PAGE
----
Uncoupling protein 2 knockout mice have enhanced ...
|Title||Uncoupling protein 2 knockout mice have enhanced insulin secretory capacity after a high-fat diet|
|Author(s)||J. W. Joseph, V. Koshkin, C. Y. Zhang, J. Wang, B. B. Lowell, Catherine B. Chan, M. B. Wheeler|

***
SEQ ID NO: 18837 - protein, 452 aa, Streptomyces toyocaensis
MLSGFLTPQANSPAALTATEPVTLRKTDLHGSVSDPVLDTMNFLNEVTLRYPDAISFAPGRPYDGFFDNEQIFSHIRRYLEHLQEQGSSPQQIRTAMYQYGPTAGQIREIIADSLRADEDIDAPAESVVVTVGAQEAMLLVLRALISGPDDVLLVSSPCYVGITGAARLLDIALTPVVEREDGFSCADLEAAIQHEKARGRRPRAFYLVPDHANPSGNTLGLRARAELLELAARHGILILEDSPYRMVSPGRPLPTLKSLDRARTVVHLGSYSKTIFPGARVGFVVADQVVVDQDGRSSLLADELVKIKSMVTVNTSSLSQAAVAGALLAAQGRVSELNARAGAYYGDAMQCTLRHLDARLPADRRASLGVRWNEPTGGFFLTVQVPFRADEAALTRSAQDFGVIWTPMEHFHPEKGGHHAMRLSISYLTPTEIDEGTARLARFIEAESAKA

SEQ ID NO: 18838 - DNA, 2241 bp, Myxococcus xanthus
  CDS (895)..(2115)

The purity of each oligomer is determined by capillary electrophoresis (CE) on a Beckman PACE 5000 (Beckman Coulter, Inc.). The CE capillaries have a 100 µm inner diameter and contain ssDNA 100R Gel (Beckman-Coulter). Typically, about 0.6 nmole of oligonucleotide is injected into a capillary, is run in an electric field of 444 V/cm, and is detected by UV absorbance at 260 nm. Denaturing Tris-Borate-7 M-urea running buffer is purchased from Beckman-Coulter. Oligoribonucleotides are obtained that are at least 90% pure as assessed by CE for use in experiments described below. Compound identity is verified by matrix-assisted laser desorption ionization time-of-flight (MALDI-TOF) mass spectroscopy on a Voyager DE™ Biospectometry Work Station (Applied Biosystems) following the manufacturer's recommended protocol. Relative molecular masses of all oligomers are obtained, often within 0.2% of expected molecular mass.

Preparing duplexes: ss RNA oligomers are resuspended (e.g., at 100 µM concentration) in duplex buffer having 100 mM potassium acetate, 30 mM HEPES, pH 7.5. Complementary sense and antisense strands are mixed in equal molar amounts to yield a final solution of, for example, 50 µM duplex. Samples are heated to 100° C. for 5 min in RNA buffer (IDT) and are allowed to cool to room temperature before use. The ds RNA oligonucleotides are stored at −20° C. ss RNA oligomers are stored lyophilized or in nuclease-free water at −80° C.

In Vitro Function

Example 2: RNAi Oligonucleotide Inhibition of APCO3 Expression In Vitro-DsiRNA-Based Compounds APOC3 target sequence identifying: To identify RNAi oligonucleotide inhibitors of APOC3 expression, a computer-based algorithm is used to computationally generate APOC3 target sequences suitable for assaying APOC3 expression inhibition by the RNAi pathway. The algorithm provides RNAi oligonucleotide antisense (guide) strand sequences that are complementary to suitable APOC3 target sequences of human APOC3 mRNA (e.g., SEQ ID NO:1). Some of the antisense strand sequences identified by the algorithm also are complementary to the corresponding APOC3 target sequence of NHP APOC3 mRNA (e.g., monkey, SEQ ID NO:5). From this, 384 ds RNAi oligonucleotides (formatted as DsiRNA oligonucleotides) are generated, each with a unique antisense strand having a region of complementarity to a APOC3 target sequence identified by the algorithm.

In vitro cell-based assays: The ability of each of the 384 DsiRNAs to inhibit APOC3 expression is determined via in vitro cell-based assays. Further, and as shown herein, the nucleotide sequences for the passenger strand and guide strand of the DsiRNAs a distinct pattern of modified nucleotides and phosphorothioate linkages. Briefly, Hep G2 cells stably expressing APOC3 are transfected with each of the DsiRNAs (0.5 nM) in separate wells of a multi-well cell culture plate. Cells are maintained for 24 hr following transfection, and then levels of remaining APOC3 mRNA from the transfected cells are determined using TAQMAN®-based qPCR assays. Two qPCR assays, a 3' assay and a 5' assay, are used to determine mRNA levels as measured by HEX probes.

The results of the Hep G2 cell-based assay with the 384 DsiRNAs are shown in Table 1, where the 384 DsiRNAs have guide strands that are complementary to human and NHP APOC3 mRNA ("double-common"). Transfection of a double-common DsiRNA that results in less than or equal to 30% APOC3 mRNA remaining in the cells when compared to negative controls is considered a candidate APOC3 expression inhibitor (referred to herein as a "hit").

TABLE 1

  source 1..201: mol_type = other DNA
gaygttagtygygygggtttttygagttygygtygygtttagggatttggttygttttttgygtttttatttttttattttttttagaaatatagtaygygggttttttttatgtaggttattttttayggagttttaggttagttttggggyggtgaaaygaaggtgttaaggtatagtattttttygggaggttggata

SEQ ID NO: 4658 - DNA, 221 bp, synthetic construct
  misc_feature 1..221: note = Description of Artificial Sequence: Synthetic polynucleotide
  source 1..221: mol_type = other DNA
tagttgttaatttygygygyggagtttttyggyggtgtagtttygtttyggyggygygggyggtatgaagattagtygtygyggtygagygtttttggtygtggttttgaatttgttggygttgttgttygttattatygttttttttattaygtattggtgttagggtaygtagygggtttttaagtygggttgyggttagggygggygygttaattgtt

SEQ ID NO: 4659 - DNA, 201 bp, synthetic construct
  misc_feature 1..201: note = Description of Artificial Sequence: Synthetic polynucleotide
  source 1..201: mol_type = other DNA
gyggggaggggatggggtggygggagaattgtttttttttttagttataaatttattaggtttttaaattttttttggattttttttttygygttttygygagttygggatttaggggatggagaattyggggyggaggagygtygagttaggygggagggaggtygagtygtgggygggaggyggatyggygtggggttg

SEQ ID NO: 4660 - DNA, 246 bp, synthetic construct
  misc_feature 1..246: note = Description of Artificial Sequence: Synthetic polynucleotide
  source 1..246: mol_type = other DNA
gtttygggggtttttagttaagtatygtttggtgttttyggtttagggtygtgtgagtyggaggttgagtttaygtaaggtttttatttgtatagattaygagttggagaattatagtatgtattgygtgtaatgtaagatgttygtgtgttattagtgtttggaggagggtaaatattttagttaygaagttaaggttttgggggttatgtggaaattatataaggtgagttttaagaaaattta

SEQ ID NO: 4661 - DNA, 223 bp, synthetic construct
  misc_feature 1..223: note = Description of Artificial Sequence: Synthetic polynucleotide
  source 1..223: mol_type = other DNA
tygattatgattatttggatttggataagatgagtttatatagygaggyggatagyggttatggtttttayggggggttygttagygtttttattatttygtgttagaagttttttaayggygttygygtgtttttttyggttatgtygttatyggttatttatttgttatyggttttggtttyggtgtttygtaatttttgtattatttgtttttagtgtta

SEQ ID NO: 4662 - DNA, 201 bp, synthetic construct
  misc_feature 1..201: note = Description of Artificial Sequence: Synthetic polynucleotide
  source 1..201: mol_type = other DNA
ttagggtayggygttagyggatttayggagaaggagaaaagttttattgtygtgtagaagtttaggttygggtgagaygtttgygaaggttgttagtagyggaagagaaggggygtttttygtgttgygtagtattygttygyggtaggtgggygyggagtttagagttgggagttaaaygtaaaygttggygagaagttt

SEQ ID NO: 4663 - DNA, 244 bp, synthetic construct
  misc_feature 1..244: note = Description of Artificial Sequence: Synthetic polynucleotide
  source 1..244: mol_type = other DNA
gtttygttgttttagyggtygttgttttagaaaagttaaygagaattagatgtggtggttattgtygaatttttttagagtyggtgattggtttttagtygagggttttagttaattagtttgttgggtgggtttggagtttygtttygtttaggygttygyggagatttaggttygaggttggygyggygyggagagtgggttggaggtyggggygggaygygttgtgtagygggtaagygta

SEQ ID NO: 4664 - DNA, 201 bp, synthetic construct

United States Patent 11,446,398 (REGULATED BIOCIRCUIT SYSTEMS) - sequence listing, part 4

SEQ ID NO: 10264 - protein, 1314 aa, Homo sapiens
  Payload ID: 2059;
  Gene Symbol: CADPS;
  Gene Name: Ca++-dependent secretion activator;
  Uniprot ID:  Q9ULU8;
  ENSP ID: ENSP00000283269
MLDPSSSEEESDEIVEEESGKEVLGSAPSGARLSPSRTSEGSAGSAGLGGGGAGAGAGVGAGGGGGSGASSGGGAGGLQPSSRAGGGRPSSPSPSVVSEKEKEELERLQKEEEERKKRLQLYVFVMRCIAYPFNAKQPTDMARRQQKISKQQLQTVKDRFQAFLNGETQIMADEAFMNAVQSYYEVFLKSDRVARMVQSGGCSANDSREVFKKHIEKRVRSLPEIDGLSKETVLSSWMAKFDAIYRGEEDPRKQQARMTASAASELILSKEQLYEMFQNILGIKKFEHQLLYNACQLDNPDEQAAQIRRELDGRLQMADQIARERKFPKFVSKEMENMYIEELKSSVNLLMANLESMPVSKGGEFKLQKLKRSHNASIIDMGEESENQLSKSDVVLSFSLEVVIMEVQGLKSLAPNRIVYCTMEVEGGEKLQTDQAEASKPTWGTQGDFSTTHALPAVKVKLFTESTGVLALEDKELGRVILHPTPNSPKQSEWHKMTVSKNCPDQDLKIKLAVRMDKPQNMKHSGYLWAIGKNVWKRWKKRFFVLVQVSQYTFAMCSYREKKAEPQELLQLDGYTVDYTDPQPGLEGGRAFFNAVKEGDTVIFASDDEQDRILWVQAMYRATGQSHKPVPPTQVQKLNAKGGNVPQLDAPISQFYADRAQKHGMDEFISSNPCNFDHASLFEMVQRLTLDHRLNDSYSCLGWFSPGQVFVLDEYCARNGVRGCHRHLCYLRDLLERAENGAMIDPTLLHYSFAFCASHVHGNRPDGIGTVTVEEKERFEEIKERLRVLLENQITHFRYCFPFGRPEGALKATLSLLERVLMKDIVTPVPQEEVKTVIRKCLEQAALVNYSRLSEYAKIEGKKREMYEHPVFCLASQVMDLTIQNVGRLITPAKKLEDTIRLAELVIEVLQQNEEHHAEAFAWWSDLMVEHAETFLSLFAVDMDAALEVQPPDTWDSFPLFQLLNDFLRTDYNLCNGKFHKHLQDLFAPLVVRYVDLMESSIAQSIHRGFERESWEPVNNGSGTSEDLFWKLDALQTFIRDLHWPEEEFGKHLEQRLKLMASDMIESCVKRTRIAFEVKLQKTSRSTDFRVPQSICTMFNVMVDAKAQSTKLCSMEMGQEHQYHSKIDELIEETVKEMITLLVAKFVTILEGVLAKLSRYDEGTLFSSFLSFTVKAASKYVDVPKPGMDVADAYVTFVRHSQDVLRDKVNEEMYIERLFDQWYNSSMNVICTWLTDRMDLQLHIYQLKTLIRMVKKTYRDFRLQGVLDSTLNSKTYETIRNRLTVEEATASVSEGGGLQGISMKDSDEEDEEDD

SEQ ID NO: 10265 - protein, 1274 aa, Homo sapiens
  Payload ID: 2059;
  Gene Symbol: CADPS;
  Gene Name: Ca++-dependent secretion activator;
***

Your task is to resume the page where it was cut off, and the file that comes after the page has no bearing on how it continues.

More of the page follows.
|Abstract||Uncoupling protein 2 (UCP2) may act as an important regulator of insulin secretion. In this study, beta-cell function in UCP2-deficient mice was examined after a 45% high-fat diet (HFD) to assess its role during the development of diet-induced type 2 diabetes. HFD-fed UCP2 (-/-) mice have lower fasting blood glucose and elevated insulin levels when compared with wild-type (WT) mice. UCP2 (-/-) mice also have enhanced beta-cell glucose sensitivity compared with WT mice after HFD, a result that is due in part to the deterioration of glucose responsiveness in WT mice. HFD-fed UCP2 (-/-) mice have increased insulin secretory capacity as a result of increased pancreatic beta-cell mass and insulin content per islet. Islets from WT mice exposed to 0.5 mmol/l palmitate for 48 h have significantly reduced mitochondrial membrane potential, ATP concentrations, and glucose responsiveness compared with UCP2 (-/-) islets, suggesting that elevated UCP2 in WT mice increases proton leak and decreases mitochondrial ATP production. Highly increased carnitine palmitoyl transferase-1 gene expression in UCP2 (-/-) mice is suggestive of enhanced fatty acid oxidizing capacity, particularly after HFD stress. These results further establish UCP2 as a component in glucose sensing and suggest a possible new aspect of UCP2 function during the progression of type 2 diabetes.|
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